ALBUQUERQUE, N.M. (KRQE) – Thursday, New Mexico’s Attorney General filed criminal charges against former Albuquerque Police Department officer Kenneth Skeens. The Attorney General alleges Skeens unlawfully arrested a customer in an Albuquerque Target.

“Today my office filed charges against former APD Officer Kenneth Skeens for his role in the unlawful arrest of a customer with disabilities who was struggling to complete his purchase at a Target located in Albuquerque in August of 2022. Rather than acting as a professional public servant and a guardian of vulnerable members of this community, Mr. Skeens engaged in abusive and unlawful behavior that undermined public safety and violated his oath as a peace officer in the State of New Mexico,” Attorney General Raúl Torrez said in a press release.

The event

Police bodycam footage released by the Office of the Attorney General shows an officer conversing with an individual apparently trying to pay for a bicycle with cash at a self-serve checkout. In the video, the individual says, “It just took me a little while,” explaining that they have been trying to pay for a purchase but took some time to pull cash out of a pouch. In the video, cash can be seen on the checkout machine. The officer then says, “You took too long.”

Several times, the officer instructs the individual to collect the money before the officer picks up the bills while informing the individual that they will be charged with criminal trespassing. The officer then gives the collected money to the individual.

Officers then appear to try to walk the individual out of the store. In the video, the individual’s feet can be seen sliding against the floor as if they are trying to resist or are being forced. Outside the store, the individual sits on the curb before saying they’re not handing over their ID. When an officer asks the individual’s name, they reply “None of your business,” to which the officer responds: “Alright, then you’re under arrest.” The individual also calls the officer’s security guards.

The individual then tries to call 911 while surrounded by several officers. Police then forcefully take the phone from the individual. Then, several officers try to place handcuffs on the individual who can be seen on their knees and pressed toward the ground.

Near the end of the video, police explain that the individual is under arrest and would be charged with “concealing identity, resisting officers.” The police also re-identify themselves as police. The individual says “That’s not right. I was just paying my things.” The individual also says “I didn’t know you were police officers … I didn’t see your badges.”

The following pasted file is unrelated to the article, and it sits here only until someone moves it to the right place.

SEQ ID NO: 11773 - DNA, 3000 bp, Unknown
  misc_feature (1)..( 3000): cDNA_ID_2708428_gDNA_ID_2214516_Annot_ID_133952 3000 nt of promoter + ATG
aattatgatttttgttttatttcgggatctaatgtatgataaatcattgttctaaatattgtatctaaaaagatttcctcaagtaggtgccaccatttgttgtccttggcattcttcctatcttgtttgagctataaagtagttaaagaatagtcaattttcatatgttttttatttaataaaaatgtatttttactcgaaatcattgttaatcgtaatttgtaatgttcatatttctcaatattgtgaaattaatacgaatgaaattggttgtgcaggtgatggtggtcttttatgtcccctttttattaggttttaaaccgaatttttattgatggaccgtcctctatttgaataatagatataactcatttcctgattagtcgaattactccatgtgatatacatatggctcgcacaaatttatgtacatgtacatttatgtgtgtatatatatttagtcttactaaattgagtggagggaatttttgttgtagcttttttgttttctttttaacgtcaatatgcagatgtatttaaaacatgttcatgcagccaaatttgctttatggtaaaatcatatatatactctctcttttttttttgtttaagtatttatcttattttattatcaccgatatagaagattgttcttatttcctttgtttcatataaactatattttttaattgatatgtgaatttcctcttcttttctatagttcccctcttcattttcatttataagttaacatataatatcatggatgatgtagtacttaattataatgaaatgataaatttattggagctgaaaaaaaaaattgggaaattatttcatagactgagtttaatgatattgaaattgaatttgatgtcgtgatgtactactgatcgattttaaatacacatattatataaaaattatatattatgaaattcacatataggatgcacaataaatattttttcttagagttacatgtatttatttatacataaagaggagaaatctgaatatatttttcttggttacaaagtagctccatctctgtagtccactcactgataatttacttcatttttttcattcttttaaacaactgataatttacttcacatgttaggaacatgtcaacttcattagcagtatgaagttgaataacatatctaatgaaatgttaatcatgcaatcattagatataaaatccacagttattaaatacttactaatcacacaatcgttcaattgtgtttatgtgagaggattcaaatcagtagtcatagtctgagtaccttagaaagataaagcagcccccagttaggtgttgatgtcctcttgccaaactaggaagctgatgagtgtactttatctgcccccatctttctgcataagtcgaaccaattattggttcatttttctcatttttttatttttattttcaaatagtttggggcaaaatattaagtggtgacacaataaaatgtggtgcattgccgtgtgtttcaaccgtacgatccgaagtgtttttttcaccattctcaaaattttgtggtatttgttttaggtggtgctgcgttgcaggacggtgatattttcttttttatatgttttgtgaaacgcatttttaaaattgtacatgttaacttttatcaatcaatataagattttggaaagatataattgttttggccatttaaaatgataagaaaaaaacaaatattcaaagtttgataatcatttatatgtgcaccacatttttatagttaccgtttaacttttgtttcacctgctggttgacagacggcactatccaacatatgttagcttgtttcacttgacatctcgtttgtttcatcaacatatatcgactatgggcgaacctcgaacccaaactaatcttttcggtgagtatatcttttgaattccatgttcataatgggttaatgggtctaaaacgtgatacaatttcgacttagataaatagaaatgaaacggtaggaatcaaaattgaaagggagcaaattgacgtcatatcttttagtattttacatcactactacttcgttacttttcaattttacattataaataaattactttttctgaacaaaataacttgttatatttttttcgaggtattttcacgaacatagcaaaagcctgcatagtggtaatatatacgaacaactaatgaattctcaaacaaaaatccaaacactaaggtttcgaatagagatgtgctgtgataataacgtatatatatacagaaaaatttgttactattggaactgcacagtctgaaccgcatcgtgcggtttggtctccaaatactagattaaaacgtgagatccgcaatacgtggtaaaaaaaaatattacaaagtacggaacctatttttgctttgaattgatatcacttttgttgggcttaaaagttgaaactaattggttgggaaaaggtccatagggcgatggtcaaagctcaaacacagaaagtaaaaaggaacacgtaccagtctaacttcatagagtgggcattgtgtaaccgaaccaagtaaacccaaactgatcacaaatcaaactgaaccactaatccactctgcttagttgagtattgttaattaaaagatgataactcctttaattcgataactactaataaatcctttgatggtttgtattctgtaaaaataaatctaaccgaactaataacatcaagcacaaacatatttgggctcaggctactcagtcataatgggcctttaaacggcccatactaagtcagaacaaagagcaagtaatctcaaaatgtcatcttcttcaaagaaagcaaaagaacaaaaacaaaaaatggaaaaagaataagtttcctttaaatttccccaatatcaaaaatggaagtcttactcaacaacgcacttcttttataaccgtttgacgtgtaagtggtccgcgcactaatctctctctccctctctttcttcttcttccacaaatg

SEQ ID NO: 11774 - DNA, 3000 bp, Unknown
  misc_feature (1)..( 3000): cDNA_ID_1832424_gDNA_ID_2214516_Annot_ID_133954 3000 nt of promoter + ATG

Charges against Skeens

The Office of the Attorney General (AG’s office) is accusing one of the officers, Kenneth Skeens, with restraining the individual against their will. In a criminal information sheet submitted to the district court, the AG’s office accuses Skeens of knowing that he did not have the authority to legally detain the individual.

“I think it’s just outrageous that a police officer who should be in a position to try and help someone who is clearly struggling and is clearly dealing with some challenges, you know as a customer in that store, would end up in a position really abusing their power. And using, you know, just really excessive force,” Torrez says.

The AG’s office also claims that on the same day, Skeens made a false statement under oath related to the event and that Skeens intentionally made a false report to other law enforcement staff. The AG’s office alleges Skeens committed battery by unlawfully handling the individual they say is disabled.

“He clearly hadn’t committed a crime. And, in the absence of criminal activity, there was simply no justification for the officer to engage with him in the way he that he did and to escalate the situation in the way that he did,” Torrez says.

Albuquerque Police Chief Harold Medina says his office took action against Skeens after the incident came to light. Skeens was fired from the police department following the Target incident and a separate incident where Skeens reportedly violated department policy, according to comments by APD in an Albuquerque Journal story.

The attorney general commended APD for bringing the incident to his attention: “I think the Albuquerque Police Department deserves great credit for alerting us. They actually brought this to our attention when I was still at the District Attorney’s office.”

“They identified this incident as something that fell below their professional standards and their ethical standards and I think ultimately ended with Mr. Skeens termination from the Albuquerque Police Department,” Torrez says.

“We took immediate action when we learned about the allegations of unacceptable behavior by this individual who abused his oath as a police officer,” Medina said in a press release. “Our officers work hard every day to earn the trust of the people they serve. We appreciate the work of the Attorney General’s Office to hold this person accountable and ensure that no one is above the law.”

The attorney general says his office does not plan to file charges against the other two officers in the video, since Skeens was the one in control of the situation.

KRQE News 13 reached out to Skeens’ lawyer. They say they currently do not have enough information about the case to make a comment.